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Faith and Doubt

Yesterday I read parts of a book called Is There a Text in this Class by Stanley Fish.  It is a book that looks at alternatives to literary theory, centring on reader response and arguing, contra some post modernists, that there are limits on interpretation determined by the unspoken rules/norms of an interpretive community.  (Are you impressed I wrote that? I am!).  Anyway, I found what follows in a chapter that explores the limits of what is, essentially, interpretive orthodoxy.

"doubting is not something one does outside the assumptions that enables one's consciousness; rather doubting, like any other mental activity, is something that one does within a set of assumptions that at the same time be the object of doubt.  That is to say, one does not doubt in a vacuum but from a perspective, and that perspective itself is immune from doubt until it has been replaced with another which will then be similarly immune.  The project of radical doubt can never outrun the necessity of being situated; in order to doubt everything, including the ground one stands on, on must stand somewhere else, and that somewhere else will then be the ground on which one stands."

The argument goes on for a lot more words and I can't claim to  grasp all of it, but it seems to say 'you can only doubt from a perspective of belief, otherwise there would be nothing to doubt.'  I found this quite fascinating, and potentially liberating for those who fear doubt (or questioning) as somehow indicative of loss of faith.  If I've understood him correctly, and if Fish is right, then bizarrely doubt/questioning actually demonstrates that belief is still there.  If belief goes, then the doubt evaporates as irrelevant.  Alternativley, so long as someone continues to doubt, they must also, to some degree, believe.  Lack of doubt might be more about lack of willingness to risk thinking or testing ideas rather than certainty.

I think there are some ideas here I might want to lodge for something I'm involved with next year where it just might be useful.  For now, I think I have found something helpful for pastoral situation where people express doubts or raise questions.


  • I'm sure you don't need me to tell you this, but it is always useful to get people to focus on their beliefs and not on their doubts. Quite often the reason for their doubt is found in their unstated and unexamined beliefs.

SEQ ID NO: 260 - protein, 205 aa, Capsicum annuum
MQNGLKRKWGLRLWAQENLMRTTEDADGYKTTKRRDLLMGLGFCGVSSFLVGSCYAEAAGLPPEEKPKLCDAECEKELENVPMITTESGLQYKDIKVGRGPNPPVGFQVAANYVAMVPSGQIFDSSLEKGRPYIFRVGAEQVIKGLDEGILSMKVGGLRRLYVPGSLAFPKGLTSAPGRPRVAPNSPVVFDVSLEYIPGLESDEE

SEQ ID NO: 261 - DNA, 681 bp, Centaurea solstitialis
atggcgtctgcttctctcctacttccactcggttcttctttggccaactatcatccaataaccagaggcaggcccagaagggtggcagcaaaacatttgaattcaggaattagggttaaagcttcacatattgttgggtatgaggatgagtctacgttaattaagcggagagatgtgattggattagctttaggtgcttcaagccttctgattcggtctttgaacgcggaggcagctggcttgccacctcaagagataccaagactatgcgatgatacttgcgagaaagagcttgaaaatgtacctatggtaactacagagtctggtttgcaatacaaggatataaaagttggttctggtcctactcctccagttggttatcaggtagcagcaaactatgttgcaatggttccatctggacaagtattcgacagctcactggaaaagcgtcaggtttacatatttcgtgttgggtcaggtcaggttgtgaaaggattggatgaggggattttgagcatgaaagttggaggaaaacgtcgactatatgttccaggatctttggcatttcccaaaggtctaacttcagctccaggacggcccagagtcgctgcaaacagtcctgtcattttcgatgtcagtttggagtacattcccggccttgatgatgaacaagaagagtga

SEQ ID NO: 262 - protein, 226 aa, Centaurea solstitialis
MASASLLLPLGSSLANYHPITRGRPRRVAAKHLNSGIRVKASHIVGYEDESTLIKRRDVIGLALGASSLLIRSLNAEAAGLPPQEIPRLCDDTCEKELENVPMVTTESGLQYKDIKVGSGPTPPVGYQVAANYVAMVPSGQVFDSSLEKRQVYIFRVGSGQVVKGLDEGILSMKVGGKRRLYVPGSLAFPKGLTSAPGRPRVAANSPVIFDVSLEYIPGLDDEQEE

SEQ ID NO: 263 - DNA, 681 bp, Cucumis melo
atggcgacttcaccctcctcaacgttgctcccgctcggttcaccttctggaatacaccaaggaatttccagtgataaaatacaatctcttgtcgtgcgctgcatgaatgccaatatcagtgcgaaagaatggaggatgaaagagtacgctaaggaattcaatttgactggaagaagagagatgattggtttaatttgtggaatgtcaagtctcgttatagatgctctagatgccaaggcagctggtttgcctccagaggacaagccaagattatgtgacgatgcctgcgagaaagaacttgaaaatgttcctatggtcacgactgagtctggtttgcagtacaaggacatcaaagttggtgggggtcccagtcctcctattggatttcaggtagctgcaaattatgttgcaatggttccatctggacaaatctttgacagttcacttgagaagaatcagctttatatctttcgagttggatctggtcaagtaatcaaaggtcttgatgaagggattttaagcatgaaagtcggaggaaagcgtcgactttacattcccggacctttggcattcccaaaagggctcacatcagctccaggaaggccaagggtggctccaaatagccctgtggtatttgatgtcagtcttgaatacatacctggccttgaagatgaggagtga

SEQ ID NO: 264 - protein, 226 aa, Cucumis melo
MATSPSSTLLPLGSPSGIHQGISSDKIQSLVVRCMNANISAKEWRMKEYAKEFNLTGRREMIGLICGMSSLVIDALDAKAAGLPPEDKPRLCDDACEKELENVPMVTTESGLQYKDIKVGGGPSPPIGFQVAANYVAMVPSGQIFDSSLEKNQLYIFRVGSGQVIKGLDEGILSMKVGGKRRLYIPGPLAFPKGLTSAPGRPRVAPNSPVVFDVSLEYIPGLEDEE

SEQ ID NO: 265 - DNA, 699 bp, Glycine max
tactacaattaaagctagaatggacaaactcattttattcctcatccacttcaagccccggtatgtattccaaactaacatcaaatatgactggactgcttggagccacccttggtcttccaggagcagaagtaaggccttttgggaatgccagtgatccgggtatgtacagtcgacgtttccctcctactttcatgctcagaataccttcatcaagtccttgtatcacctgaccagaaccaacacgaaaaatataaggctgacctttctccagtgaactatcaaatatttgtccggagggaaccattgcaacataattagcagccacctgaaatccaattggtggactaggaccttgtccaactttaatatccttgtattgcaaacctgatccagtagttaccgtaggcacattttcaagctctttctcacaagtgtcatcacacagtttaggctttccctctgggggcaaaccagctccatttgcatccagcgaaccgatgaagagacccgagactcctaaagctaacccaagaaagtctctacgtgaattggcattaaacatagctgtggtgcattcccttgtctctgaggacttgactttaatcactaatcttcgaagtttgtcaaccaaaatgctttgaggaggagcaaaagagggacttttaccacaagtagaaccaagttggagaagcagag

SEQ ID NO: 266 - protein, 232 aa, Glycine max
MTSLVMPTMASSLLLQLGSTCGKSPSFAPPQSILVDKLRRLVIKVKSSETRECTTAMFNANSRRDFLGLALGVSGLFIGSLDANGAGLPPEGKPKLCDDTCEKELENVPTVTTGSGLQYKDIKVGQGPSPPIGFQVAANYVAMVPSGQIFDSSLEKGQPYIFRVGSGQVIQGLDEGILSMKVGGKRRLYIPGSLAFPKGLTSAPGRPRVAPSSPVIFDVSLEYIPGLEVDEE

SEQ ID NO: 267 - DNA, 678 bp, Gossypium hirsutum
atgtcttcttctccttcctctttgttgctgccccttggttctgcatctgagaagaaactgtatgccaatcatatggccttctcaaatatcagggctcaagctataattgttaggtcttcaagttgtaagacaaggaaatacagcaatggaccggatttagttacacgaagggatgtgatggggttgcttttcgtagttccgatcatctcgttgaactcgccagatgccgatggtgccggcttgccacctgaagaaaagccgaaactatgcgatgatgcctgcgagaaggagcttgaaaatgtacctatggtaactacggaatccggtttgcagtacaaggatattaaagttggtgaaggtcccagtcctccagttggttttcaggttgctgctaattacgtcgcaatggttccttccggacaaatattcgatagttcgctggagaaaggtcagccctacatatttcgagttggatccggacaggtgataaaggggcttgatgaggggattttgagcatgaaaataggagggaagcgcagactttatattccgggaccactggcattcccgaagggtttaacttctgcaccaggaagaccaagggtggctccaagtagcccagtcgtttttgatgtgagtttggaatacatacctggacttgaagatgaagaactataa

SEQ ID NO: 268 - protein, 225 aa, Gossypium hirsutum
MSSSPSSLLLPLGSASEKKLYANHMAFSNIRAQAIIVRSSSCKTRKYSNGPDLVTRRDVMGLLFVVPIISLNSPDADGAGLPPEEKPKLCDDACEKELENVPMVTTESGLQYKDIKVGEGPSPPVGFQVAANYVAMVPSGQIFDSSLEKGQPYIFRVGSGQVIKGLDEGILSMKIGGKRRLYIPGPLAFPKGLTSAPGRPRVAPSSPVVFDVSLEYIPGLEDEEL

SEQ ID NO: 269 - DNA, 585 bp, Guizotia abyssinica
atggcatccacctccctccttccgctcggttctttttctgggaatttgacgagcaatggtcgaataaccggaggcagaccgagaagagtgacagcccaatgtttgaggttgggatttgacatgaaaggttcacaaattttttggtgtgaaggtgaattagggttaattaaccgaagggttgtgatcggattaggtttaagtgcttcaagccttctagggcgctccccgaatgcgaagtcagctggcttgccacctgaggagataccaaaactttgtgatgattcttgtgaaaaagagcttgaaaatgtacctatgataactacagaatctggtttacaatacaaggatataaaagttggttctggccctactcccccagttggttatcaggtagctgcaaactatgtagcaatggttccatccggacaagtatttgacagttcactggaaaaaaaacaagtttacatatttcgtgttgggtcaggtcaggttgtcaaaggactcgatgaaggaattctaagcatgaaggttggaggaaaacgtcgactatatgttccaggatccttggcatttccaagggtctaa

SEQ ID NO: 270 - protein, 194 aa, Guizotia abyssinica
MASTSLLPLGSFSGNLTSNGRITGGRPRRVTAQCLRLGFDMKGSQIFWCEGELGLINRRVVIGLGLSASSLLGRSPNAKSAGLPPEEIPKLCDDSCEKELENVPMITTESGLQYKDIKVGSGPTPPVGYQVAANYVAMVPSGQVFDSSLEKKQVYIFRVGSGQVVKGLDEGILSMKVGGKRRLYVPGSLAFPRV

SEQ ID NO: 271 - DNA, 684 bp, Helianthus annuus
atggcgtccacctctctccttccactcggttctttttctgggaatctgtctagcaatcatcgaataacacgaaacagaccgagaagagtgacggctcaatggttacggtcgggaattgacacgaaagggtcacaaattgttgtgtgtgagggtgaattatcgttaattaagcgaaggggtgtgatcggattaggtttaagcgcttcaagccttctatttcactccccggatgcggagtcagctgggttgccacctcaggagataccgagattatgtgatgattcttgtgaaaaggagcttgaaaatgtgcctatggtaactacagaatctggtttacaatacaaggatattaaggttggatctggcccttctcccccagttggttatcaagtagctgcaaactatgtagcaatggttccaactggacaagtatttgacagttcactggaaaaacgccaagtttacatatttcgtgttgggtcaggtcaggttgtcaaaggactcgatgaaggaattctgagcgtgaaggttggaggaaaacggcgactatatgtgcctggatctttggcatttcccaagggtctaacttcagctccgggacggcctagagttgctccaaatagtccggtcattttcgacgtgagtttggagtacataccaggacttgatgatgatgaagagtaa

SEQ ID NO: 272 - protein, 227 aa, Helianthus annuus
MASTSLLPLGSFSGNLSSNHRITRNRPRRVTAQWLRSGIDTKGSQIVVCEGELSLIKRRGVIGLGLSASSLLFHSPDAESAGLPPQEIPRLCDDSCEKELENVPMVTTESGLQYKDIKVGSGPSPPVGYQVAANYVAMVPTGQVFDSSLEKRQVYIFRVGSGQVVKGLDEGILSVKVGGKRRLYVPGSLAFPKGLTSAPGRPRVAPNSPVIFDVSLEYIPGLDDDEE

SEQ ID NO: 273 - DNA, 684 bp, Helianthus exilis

• I agree, so long as it doesn't turn into evasion of real questions; maybe it's a both/and kind of a thing?

    I guess part of why it struck a chord is that people often keep silent about their doubts and questions because they fear rejection or ridicule. There is often a culture of dishonesty in churches and I am wondering if freedom to see that doubts are not the same as loss of faith might be helpful. I could, of course, be wrong.

  • I remember this comment from one of the "Duffers Guide" series - the opposite of faith is not doubt, but certainty.

    Doubts make you look at what you believe and at what you don't believe. Sometimes I work out what I believe by taking a doubt and pushing it as far as I can. In the end it becomes so ridiculous that I realise I don;t believe that after all!

    But I'm not convinced your quote is talking about faith. I think he's simply saying that it's impossible to doubt everything all at once. That we all start with prior assumptions as to what IS, and then build our doubts around it. We can't question the what IS unless we move to a different position.
    So for myself, I used to doubt that God existed. Then I had an encounter with Him, which made that particular doubt impossible. Now my temptation is to doubt that God is good or that he loves me.

  • Hi Helen, you're right, the quote isn't about faith, I'm just wondering whether it has any mileage in such a context ... it may not have and the comments help me thinking it through. So thank you.

  • I think Fish brings a very helpful insight. It reminds me of a quote from one of the Cadfael books that goes something like this: 'Doubt is the grain of sand in the oyster of faith.'

  • Thanks Tim, that's helpful and I think is probably the kind of thing I'm leaning towards. Hope all is well in the 'soke'

The comments are closed.